The investments included public housing units at Light Street, Bar Beach, a development at Robertson Street, Carrington, and student accommodation at Samdon Street, Hamilton.
Fairfax Media reported that Ms Bull’s younger sister lost $45,000 after investing with Page in Robertson Street, Carrington, and Page’s former cleaners, Ray and Teresa Henderson, lost $100,000 on the same property deal.
Mr Murphy didn’t hang around long after the business collapse. Buckling under the strain he was admitted to a mental health facility, and eventually left the country.
Hunter businesses comprised 51 of the 89 unsecured creditors owed at least $1.472 million from his company’s demise. About $108,000 in employee entitlements was owed to 46 staff.
“I had physical threats from people chasing their money and I was begging Lemuel for my money so I could pay,” he said. “He gave me excuse, after excuse, and in the end he would’t take my calls. I have lost my family from this, I can’t live in Newcastle. I lost everything.”
CREDITOR SAYS MURPHY TO BLAME
PHIL Priestley knows a thing or two about business.
So when a young Jacob Murphy came to him asking advice, the retired head of Priestley Electrical was more than happy to lend a hand.
“I thought he was a good style of a young bloke who was having a go,” Mr Priestley said.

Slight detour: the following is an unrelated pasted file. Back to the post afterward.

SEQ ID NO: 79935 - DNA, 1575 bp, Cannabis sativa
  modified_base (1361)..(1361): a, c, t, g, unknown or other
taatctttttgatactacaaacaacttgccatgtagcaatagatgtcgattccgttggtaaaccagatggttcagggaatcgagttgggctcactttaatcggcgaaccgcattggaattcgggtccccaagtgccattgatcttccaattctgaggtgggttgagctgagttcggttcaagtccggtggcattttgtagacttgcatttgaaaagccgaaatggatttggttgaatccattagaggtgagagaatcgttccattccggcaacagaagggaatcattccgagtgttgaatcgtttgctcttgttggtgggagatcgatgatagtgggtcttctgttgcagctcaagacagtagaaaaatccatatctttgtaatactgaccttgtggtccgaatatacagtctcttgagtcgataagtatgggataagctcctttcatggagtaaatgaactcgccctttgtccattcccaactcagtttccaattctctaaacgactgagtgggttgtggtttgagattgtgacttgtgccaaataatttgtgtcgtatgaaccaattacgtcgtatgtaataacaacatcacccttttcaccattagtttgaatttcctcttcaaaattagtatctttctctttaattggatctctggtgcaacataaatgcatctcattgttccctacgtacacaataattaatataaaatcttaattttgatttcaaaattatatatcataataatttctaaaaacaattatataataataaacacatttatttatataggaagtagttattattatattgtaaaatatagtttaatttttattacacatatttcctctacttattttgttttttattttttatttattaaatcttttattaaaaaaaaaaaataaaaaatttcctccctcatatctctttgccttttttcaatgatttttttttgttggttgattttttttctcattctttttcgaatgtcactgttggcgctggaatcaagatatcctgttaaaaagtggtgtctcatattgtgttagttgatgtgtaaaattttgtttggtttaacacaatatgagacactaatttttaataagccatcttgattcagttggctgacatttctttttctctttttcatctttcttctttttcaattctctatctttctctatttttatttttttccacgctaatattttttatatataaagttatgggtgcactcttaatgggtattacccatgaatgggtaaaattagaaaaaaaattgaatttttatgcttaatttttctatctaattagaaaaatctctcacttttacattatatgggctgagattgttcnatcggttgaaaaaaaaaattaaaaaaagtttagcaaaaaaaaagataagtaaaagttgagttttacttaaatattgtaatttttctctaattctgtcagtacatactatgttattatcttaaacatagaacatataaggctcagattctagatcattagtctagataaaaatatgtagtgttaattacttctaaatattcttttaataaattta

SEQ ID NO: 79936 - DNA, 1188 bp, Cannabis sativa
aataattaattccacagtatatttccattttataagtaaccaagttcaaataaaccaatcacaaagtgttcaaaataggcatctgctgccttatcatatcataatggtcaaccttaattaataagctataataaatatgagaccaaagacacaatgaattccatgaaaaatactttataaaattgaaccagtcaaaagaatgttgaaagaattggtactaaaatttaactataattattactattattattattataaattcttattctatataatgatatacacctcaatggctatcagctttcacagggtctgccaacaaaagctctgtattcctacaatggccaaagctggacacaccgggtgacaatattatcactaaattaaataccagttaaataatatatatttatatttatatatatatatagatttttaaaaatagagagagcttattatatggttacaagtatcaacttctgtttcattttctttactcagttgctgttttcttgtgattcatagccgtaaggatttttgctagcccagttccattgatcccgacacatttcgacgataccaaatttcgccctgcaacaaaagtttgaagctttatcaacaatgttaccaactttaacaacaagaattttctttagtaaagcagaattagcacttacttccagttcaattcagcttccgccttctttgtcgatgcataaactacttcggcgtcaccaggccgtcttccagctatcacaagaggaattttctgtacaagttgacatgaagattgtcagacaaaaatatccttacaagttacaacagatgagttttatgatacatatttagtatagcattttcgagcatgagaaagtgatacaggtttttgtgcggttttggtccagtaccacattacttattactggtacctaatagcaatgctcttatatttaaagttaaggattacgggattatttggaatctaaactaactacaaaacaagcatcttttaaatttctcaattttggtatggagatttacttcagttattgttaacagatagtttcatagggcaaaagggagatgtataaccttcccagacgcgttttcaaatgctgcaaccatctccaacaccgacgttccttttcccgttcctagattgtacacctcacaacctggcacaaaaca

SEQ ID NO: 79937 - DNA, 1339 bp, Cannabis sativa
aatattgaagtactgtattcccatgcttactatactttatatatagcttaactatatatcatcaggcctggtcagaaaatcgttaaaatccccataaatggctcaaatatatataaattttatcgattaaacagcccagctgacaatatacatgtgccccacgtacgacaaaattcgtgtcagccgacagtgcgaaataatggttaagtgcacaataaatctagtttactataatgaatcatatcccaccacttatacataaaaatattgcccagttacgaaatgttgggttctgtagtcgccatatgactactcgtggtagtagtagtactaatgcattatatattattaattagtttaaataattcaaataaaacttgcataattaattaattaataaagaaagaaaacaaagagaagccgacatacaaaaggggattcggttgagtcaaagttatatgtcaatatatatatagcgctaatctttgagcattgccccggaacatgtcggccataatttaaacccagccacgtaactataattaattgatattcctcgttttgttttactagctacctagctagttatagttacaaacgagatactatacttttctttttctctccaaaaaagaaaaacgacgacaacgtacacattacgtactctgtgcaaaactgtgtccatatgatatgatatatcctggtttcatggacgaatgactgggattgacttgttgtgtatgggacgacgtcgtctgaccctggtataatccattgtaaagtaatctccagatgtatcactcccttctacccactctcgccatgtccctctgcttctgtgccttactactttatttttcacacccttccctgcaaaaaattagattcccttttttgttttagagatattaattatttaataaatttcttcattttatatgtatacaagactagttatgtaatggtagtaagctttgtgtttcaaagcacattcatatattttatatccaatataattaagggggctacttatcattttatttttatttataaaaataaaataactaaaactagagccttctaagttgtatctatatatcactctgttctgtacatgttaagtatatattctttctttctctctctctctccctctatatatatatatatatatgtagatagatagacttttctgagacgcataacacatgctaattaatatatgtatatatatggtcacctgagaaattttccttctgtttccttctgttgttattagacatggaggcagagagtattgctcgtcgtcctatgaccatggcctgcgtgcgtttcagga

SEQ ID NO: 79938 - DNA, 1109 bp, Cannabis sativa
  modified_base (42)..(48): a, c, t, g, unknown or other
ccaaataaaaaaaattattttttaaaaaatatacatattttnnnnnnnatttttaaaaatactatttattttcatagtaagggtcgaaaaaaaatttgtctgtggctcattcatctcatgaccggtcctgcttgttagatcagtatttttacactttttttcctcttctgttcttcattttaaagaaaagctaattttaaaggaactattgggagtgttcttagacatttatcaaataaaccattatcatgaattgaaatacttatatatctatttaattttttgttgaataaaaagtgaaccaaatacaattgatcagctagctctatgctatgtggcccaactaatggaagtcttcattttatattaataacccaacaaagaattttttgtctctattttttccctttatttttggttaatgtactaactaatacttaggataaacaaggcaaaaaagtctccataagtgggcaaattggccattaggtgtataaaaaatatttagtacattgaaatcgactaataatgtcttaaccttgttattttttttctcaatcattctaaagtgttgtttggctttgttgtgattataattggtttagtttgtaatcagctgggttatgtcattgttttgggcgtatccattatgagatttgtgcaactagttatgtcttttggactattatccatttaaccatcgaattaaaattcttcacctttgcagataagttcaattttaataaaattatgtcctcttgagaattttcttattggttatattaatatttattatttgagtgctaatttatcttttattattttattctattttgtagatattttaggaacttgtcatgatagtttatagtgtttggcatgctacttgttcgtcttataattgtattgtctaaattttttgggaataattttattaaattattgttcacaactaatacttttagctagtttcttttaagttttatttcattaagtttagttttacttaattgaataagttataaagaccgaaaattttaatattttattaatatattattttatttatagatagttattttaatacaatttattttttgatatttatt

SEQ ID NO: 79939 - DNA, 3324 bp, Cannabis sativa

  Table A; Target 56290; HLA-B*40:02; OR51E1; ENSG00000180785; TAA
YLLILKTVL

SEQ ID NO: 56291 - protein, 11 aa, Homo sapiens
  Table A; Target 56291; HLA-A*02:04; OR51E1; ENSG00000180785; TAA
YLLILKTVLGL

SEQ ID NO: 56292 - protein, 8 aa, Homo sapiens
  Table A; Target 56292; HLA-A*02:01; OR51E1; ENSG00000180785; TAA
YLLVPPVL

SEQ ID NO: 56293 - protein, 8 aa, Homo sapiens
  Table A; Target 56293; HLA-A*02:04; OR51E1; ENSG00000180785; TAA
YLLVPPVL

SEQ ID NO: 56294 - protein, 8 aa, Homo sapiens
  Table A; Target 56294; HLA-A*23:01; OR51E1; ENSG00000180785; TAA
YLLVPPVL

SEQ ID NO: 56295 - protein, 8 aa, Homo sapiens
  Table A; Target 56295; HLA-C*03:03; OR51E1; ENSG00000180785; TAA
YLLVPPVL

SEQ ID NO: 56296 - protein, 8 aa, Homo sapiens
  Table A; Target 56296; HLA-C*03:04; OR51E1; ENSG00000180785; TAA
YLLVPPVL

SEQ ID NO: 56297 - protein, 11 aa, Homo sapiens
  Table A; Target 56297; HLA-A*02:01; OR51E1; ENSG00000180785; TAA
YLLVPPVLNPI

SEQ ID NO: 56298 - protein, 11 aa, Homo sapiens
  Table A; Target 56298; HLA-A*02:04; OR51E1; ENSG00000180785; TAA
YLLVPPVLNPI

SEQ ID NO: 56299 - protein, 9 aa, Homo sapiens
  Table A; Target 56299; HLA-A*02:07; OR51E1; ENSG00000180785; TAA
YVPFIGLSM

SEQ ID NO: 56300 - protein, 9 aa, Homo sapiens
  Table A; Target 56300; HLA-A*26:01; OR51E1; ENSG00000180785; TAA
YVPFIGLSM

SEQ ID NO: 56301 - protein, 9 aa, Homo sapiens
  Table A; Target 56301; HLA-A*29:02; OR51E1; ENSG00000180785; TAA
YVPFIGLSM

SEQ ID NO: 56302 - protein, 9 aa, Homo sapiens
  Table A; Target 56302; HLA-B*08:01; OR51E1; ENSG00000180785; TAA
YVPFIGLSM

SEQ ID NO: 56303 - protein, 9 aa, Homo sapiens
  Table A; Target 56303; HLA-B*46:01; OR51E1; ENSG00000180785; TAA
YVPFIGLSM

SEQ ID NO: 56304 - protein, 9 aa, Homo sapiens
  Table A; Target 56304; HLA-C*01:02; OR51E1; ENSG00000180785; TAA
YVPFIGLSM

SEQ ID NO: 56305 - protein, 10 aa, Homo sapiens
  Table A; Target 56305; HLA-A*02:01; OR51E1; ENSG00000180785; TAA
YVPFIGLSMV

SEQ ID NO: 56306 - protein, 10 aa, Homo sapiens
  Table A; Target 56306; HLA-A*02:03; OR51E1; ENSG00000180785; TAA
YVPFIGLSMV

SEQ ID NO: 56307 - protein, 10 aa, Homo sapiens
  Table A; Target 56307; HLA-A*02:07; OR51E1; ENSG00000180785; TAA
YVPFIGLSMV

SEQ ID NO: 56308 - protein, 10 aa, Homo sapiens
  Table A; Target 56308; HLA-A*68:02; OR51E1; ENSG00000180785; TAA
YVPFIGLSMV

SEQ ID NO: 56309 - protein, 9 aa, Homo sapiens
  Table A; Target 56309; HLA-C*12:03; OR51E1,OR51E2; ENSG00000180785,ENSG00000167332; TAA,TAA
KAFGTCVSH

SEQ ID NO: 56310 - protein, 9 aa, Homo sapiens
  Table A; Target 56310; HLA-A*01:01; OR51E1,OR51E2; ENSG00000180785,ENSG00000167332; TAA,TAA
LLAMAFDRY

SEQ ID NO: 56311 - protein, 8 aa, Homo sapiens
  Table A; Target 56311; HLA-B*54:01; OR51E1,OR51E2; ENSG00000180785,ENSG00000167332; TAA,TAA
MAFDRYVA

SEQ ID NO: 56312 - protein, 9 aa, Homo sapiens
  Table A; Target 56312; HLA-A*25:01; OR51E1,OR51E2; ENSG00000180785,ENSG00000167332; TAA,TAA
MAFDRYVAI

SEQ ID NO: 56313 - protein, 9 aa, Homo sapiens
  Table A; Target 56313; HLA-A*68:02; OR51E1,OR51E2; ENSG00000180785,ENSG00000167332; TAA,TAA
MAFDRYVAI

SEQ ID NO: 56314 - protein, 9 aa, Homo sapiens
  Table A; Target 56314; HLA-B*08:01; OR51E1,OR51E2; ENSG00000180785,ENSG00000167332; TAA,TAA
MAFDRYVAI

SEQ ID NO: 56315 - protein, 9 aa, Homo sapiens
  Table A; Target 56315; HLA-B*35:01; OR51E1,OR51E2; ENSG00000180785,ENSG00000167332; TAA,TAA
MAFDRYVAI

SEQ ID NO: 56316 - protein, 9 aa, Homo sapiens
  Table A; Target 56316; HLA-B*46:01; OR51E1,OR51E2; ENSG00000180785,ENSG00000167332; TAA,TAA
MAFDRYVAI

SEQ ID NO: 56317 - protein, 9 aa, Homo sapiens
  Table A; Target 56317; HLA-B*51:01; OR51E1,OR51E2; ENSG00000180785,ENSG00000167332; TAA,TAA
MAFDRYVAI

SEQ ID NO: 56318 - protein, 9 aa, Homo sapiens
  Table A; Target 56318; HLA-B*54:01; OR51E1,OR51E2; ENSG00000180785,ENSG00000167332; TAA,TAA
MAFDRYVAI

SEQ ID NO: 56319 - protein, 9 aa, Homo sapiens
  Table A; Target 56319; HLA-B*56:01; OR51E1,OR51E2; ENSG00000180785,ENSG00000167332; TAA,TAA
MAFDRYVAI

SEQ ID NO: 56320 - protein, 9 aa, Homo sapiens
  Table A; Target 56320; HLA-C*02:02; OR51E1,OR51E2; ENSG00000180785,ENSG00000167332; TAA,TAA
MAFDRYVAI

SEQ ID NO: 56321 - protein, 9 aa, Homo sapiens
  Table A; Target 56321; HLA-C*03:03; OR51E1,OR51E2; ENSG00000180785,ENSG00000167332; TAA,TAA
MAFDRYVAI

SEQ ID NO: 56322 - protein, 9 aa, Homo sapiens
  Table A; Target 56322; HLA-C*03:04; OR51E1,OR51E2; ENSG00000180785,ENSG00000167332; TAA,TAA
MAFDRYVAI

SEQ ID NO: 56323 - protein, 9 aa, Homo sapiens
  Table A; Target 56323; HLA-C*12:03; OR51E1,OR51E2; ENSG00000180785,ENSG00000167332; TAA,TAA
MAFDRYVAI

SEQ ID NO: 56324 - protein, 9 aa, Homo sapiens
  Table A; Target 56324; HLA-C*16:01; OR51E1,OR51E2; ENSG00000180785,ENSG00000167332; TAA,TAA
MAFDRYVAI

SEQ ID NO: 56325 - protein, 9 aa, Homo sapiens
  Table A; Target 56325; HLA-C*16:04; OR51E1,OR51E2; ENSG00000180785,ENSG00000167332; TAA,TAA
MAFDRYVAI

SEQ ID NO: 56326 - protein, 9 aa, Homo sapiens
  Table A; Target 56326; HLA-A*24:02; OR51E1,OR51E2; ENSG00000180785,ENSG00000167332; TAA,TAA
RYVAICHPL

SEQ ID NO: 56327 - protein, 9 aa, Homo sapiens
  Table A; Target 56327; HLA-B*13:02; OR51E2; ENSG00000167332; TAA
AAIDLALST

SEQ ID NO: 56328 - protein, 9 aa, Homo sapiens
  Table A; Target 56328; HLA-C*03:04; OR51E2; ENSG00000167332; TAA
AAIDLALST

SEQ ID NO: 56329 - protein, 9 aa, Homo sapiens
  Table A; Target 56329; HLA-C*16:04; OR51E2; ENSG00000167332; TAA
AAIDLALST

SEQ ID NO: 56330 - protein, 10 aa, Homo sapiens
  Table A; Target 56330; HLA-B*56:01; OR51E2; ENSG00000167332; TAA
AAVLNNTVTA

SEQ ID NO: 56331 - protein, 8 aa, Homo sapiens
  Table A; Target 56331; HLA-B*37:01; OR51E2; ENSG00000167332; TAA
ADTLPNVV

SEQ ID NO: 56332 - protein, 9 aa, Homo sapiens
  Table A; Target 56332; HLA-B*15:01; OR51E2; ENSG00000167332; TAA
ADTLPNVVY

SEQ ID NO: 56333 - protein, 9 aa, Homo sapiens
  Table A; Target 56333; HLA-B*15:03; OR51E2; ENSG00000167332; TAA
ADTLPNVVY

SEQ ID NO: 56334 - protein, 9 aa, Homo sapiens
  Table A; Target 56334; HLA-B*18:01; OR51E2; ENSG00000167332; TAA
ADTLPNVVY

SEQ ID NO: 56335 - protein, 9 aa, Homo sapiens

“I wanted to help him and did some consulting for him on a casual basis.”
Mr Priestley never expected his generosity would cost him tens of thousands of dollars.
He said Mr Murphy asked him for a $100,000 loan to invest in a mine drilling operation.
“I always dealt with Murphy, but he told me him and [Lemuel] Page were partners in this thing,” he said.
“The pair of them were joined at the hip at the time. Murphy told me all about the venture, he was very convincing.
“It was a bloody good story.”
A loan agreement was drawn up and some interest repayments were made, but then the money dried up.
Mr Murphy said the money was lost on the deal with Page and he repaid Mr Priestley what he could from his own funds.
Adamant, Mr Priestley said he held Mr Murphy responsible for the money he lost, just as many other creditors did.
“It’s really easy to point the finger at someone else,” he said.
“It was Murphy I dealt with and Murphy who took my money. To me, it’s that simple. He is the one who owes me the money.”